SINGAPORE - "My heart moves when it feels love. It moves to my friends. The love feels like music coming out of me. It feels like sayang music."
These are the words in a short story titled Sayang Flowers by six-year-old Aryssha Balqis Abdullah. She attends Child At Street 11, a non-profit centre that provides pre-school and after-school care services for children between two and six years old.
Stories by Aryssha, who is in Kindergarten 2, and six of her friends are compiled in a book called Sayang. Tchaikovsky. Ole!
The stories are about anything that strikes the children most - from shadows and grandmothers, to music notes and even being a president when they grow up.
It is a project by the graduating cohort and this year's book is the seventh so far.
The young authors met President Halimah Yacob on Thursday (Dec 21) when she visited the school. They greeted her with songs and hugs, and chatted with her.
Founded in 1999 by a group of professionals, Child At Street 11, located in Ang Mo Kio, caters to young children of all races from low-income and dysfunctional families. The children go through project-based learning adapted from the Reggio Emilia approach, a kind of teaching philosophy where the child is at the centre of learning.
"They all come with their own baggage, and sometimes, they don't know how to express that. So we teach them a can-do attitude that helps them grow," said principal Shanti De Mello.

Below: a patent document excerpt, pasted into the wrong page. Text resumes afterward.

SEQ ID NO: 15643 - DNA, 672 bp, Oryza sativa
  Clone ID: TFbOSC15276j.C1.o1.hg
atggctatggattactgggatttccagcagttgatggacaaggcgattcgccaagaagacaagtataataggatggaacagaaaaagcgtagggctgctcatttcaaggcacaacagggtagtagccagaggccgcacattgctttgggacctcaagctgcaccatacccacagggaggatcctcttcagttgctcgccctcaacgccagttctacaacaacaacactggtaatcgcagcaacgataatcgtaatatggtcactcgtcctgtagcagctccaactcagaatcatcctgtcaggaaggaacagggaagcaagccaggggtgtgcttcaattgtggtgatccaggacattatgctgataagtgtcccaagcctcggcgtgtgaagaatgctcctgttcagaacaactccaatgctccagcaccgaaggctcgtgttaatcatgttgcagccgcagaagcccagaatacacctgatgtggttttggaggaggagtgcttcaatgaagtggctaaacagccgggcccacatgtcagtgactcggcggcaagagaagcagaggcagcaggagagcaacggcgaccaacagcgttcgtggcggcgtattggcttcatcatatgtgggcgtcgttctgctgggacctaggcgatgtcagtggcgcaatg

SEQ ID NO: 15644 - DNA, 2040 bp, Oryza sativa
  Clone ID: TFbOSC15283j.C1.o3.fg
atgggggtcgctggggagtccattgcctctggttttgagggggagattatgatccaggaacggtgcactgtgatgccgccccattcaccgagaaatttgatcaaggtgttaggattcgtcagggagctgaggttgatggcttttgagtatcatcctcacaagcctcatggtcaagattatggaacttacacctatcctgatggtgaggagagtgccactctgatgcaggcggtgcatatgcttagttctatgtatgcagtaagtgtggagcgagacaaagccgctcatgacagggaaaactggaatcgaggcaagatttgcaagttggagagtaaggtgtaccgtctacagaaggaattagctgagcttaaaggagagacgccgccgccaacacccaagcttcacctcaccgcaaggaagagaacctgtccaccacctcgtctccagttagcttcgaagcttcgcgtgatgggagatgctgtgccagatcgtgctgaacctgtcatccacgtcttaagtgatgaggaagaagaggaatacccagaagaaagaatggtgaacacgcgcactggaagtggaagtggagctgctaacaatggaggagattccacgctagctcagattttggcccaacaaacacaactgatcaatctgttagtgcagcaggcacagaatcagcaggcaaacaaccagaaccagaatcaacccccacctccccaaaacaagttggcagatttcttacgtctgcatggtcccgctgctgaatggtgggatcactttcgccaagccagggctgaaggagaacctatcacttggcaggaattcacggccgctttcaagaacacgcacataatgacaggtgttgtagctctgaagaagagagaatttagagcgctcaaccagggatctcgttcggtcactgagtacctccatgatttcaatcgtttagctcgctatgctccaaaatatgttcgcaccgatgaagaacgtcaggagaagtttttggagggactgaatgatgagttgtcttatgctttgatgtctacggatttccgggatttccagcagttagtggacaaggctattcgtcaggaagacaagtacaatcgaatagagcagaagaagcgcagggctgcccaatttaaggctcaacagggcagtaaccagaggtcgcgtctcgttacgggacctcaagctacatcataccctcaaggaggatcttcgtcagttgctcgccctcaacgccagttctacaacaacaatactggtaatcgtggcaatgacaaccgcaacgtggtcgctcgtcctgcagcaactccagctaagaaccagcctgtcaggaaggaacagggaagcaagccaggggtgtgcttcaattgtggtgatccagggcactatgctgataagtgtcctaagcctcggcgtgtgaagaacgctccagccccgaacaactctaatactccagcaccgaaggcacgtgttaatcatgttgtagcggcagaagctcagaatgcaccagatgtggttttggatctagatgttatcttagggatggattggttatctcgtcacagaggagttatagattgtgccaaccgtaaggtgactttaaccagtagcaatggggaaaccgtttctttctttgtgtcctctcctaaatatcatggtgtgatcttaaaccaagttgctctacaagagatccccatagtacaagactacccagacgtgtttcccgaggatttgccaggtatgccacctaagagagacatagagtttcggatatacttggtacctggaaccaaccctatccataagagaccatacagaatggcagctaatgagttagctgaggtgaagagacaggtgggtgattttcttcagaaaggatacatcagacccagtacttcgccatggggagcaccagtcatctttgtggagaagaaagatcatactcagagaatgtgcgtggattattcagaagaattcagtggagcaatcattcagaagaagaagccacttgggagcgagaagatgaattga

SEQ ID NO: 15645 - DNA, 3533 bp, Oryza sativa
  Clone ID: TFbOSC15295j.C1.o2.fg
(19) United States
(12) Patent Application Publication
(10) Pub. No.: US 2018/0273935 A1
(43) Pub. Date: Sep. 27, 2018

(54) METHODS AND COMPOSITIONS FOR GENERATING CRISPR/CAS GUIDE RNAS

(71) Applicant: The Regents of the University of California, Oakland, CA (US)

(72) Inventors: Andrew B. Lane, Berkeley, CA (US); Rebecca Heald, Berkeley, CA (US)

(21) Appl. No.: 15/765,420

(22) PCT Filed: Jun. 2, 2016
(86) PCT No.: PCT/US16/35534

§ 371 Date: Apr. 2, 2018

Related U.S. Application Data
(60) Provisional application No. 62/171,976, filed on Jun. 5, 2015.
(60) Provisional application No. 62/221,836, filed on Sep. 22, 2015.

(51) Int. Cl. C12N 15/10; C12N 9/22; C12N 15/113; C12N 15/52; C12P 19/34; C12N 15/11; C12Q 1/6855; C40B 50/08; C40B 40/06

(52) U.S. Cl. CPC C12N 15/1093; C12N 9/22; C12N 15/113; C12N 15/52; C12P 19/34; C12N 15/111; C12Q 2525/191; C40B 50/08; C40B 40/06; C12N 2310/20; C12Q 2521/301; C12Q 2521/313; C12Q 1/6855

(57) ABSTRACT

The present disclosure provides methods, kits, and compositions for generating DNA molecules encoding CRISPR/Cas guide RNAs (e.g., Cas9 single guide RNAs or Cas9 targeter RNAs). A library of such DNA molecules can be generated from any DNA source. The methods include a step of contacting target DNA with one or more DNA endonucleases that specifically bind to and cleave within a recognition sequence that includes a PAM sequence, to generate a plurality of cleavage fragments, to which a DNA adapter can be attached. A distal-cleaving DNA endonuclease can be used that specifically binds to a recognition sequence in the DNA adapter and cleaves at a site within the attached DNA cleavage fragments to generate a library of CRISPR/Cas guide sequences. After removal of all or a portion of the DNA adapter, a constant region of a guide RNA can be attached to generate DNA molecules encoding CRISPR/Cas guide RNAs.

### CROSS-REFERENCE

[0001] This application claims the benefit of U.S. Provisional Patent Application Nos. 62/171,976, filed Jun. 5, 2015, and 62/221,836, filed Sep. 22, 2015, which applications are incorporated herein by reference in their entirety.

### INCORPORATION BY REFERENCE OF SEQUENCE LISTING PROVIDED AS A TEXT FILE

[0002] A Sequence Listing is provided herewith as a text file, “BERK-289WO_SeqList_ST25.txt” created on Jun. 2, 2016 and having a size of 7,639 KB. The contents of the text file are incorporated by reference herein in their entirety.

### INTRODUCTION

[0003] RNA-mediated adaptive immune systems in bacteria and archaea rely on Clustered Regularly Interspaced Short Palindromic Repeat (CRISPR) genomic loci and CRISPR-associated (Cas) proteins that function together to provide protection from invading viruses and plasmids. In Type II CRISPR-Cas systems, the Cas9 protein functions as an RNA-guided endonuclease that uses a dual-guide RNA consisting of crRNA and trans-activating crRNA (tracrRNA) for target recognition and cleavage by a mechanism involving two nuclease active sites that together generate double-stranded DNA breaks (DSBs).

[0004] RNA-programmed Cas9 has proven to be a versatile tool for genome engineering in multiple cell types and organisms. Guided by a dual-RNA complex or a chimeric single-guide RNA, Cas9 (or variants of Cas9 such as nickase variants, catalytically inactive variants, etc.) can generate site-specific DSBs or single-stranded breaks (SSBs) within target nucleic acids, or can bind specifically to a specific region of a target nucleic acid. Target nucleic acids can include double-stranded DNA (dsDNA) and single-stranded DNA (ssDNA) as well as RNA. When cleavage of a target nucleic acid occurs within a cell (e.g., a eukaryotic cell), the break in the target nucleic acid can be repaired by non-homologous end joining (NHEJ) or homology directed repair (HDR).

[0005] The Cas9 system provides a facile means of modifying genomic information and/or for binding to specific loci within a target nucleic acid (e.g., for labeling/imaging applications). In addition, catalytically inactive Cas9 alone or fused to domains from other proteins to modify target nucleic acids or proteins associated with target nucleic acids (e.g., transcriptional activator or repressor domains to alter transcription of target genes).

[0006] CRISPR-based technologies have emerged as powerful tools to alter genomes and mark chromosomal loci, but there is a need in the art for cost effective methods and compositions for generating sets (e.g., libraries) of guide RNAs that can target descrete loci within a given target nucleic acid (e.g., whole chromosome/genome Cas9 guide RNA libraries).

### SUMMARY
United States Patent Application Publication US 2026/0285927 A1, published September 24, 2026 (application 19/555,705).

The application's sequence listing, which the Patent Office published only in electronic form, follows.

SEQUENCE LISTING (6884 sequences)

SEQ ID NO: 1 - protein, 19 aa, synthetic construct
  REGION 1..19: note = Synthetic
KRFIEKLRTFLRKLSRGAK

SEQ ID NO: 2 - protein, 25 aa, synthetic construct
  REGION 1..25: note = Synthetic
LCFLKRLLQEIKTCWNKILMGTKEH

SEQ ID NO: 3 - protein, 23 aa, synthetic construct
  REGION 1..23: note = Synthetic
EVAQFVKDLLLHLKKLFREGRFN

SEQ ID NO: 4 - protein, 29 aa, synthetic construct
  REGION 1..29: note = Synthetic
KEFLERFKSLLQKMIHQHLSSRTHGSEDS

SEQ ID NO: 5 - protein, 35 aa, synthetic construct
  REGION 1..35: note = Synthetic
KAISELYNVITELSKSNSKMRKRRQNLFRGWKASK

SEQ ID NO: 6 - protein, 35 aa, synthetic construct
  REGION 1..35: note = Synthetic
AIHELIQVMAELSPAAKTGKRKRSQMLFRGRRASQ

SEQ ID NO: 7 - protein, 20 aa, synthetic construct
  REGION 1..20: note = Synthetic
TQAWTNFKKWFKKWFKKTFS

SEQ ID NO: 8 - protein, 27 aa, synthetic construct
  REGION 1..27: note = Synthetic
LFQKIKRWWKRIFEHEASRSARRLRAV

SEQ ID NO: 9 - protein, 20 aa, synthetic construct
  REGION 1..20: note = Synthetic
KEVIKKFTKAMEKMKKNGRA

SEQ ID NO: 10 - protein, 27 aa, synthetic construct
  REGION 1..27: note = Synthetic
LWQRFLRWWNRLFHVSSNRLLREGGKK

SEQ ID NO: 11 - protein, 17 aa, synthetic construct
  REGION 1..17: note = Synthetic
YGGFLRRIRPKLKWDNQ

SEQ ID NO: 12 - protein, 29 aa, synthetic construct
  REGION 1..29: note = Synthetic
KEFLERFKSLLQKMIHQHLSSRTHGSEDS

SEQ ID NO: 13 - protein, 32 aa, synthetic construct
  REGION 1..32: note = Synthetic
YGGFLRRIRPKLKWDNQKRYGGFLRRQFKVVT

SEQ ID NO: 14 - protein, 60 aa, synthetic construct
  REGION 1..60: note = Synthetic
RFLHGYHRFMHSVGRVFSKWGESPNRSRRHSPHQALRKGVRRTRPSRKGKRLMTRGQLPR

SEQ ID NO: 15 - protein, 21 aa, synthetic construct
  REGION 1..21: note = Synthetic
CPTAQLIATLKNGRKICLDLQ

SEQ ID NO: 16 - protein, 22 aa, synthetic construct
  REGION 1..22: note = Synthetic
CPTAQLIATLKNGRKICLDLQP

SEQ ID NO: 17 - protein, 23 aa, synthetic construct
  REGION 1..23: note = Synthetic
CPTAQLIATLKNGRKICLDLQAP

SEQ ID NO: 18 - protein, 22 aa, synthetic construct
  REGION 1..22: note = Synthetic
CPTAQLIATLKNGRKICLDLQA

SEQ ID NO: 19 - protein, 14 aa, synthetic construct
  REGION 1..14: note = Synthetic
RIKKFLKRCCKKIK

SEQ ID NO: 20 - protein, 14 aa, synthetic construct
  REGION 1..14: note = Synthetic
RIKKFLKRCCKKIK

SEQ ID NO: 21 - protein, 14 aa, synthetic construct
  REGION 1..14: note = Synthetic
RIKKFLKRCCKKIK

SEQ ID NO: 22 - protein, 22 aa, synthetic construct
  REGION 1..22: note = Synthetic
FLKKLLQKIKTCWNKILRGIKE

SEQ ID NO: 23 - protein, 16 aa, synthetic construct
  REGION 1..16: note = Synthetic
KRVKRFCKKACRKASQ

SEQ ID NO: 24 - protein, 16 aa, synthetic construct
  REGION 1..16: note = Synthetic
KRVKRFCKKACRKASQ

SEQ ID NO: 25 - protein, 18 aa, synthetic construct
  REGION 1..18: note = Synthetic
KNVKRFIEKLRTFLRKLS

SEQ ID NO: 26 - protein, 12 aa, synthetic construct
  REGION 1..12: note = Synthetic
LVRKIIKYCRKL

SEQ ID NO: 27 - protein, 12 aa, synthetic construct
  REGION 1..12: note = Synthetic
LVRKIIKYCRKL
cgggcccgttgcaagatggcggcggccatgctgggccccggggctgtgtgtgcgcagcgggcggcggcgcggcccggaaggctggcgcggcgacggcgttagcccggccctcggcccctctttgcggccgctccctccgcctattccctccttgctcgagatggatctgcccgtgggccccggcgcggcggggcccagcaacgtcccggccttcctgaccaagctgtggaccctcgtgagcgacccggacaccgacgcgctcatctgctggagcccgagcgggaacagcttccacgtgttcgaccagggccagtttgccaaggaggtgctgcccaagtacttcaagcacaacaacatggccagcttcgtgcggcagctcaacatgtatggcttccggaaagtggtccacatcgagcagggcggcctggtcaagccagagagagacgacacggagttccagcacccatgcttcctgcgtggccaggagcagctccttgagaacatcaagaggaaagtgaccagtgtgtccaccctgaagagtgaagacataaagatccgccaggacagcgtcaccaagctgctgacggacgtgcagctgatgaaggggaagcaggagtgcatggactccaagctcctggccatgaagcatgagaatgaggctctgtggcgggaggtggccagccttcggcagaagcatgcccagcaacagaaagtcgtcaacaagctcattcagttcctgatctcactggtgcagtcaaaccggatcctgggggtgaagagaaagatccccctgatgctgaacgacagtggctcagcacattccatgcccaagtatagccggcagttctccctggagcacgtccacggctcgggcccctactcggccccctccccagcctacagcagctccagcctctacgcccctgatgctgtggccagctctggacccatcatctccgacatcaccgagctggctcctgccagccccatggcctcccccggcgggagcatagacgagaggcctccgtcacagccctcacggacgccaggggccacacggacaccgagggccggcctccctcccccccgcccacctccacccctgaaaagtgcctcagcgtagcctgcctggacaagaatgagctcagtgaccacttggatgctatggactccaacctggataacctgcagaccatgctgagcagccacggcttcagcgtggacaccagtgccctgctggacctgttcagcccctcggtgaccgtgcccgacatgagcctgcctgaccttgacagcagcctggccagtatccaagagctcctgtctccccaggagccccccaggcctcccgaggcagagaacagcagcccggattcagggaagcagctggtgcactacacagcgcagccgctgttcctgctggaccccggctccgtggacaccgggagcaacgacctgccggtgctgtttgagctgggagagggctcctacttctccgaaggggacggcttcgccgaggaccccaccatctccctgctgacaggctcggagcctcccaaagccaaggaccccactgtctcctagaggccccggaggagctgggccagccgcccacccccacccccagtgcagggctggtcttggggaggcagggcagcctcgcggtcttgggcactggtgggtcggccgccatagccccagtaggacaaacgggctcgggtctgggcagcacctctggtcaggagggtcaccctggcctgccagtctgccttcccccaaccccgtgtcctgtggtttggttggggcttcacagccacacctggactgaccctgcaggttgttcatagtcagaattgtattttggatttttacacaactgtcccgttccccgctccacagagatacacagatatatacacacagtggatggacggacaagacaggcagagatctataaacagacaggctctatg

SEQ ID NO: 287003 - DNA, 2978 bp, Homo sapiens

The centre, which has 48 pupils and six full-time teachers, will launch an infant care programme next year for children between two and eleven months old. For a start, it will take in 16 infants.
Attila Tan, 14, a teaching assistant and alumna of the centre, volunteers during her holidays.
"I'm proud to say I'm from this school. The kids here are really friendly. I didn't come for volunteer points, I came because I love the culture here, to let kids be kids," she said.
The Compassvale Secondary 2 student, who helps shower, feed and play with the children, hopes to pursue her interest in childcare, starting with her volunteer work.
For Aryssha, getting the President to sign a book she helped write was exciting.
"I'm proud of my story and I'm happy the President came to our school. I wrote about the colourful flowers that I love in the Istana and the sayang (love) around me," she said.